The bill, LB1100, would appropriate $1 million of the American Rescue Plan Act funds allocated to Nebraska to the state Department of Economic Development for use by a political subdivision that owns or operates a nuclear plant in the state to conduct a feasibility study.

The study would assess siting options for new, advanced nuclear reactors throughout Nebraska and existing electric generation facilities based on key compatibility assets for such reactors, according to the Nebraska Legislature’s Unicameral Update.

Daniel Buman, director of nuclear oversight and strategic asset management at Nebraska Public Power District (NPPD), testified in support of the proposal on behalf of NPPD and the Nebraska Power Association, which represents all of Nebraska’s public power utilities.


Meanwhile, in another Midwest state, lawmakers in Indiana in February passed a bill, Senate Bill 271, that amends the statute governing certificates of public convenience and necessity that are issued by the Indiana Utility Regulatory Commission (IURC) for the construction, lease, or purchase of electric generation facilities.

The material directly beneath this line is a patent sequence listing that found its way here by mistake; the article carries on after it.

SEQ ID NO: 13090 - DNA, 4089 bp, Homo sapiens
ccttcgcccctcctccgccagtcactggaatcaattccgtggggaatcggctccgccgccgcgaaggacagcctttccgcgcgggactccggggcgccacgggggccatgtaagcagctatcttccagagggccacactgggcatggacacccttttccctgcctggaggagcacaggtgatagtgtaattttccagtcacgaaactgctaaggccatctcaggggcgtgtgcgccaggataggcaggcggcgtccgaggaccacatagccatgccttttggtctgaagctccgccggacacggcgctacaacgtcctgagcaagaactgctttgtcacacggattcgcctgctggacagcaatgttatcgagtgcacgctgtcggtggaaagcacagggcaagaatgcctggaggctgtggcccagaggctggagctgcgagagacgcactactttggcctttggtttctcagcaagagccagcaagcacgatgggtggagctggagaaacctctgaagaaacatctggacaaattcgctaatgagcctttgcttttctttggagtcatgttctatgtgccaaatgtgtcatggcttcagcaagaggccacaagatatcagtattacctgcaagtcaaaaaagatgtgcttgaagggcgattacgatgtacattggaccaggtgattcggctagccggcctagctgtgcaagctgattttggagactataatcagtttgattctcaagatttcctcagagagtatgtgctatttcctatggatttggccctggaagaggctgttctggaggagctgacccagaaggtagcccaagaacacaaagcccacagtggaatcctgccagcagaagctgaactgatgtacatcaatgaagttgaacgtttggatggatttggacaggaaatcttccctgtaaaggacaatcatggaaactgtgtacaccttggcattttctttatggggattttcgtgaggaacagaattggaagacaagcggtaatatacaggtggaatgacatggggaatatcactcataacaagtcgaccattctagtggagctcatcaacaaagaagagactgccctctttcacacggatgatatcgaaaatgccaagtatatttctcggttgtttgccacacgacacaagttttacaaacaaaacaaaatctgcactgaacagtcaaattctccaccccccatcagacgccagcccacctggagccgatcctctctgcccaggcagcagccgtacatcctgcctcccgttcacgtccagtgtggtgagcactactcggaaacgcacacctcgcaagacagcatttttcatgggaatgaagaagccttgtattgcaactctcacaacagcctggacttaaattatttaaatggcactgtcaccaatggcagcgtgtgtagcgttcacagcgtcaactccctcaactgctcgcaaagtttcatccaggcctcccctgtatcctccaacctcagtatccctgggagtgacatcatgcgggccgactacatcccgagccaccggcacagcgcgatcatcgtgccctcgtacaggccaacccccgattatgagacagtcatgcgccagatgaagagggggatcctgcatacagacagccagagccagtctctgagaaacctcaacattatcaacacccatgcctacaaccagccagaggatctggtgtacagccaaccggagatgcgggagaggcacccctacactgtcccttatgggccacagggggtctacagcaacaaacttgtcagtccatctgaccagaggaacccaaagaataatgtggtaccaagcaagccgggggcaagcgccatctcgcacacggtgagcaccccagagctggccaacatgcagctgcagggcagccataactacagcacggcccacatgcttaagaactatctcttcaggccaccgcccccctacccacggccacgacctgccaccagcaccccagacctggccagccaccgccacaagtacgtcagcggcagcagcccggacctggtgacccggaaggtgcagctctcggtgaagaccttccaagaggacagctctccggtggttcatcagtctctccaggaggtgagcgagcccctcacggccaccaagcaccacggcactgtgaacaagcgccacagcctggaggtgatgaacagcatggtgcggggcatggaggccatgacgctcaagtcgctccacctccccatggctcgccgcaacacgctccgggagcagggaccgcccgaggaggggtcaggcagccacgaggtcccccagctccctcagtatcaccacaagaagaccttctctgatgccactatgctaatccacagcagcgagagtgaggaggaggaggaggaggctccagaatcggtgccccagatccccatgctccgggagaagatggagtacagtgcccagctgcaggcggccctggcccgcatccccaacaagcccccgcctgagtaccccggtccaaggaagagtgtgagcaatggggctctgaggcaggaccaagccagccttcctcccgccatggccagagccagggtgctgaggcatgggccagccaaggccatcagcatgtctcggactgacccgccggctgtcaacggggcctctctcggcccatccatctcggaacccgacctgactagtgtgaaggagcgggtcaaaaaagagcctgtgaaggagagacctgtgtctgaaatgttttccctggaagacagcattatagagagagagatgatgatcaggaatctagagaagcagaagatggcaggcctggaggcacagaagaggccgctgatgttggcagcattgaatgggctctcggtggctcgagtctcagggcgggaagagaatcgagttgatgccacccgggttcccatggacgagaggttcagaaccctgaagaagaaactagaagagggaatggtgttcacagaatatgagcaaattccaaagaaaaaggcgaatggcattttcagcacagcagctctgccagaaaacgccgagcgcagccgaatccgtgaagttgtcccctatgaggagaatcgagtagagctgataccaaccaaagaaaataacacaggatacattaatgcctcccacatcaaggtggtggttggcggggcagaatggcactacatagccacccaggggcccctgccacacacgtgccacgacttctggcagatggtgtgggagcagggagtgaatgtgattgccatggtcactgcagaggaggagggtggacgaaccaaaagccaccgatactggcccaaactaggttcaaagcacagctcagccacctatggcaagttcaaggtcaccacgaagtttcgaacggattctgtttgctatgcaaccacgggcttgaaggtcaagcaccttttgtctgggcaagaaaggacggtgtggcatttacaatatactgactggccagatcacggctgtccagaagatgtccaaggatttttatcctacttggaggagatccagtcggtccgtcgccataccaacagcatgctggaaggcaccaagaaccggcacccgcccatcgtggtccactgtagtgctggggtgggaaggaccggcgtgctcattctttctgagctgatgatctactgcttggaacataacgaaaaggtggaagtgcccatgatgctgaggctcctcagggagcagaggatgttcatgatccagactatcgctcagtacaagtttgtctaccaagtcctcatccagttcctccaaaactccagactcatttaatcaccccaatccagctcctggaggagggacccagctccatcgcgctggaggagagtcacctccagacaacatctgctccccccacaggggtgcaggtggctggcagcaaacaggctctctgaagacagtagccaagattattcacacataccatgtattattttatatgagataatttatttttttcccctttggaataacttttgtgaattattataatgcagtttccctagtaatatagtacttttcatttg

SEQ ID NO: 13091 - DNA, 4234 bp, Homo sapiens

The bill would require the IURC, in consultation with the Indiana Department of Environmental Management, to adopt rules concerning the granting of certificates for the construction, purchase, or lease of SMRs:

  1. In Indiana for the generation of electricity to be used to furnish public utility service to Indiana customers; or
  2. At the site of a nuclear energy production or generating facility that supplies electricity to Indiana retail customers on July 1, 2011.

The bill is now on the desk of Indiana Gov. Eric Holcomb for further action.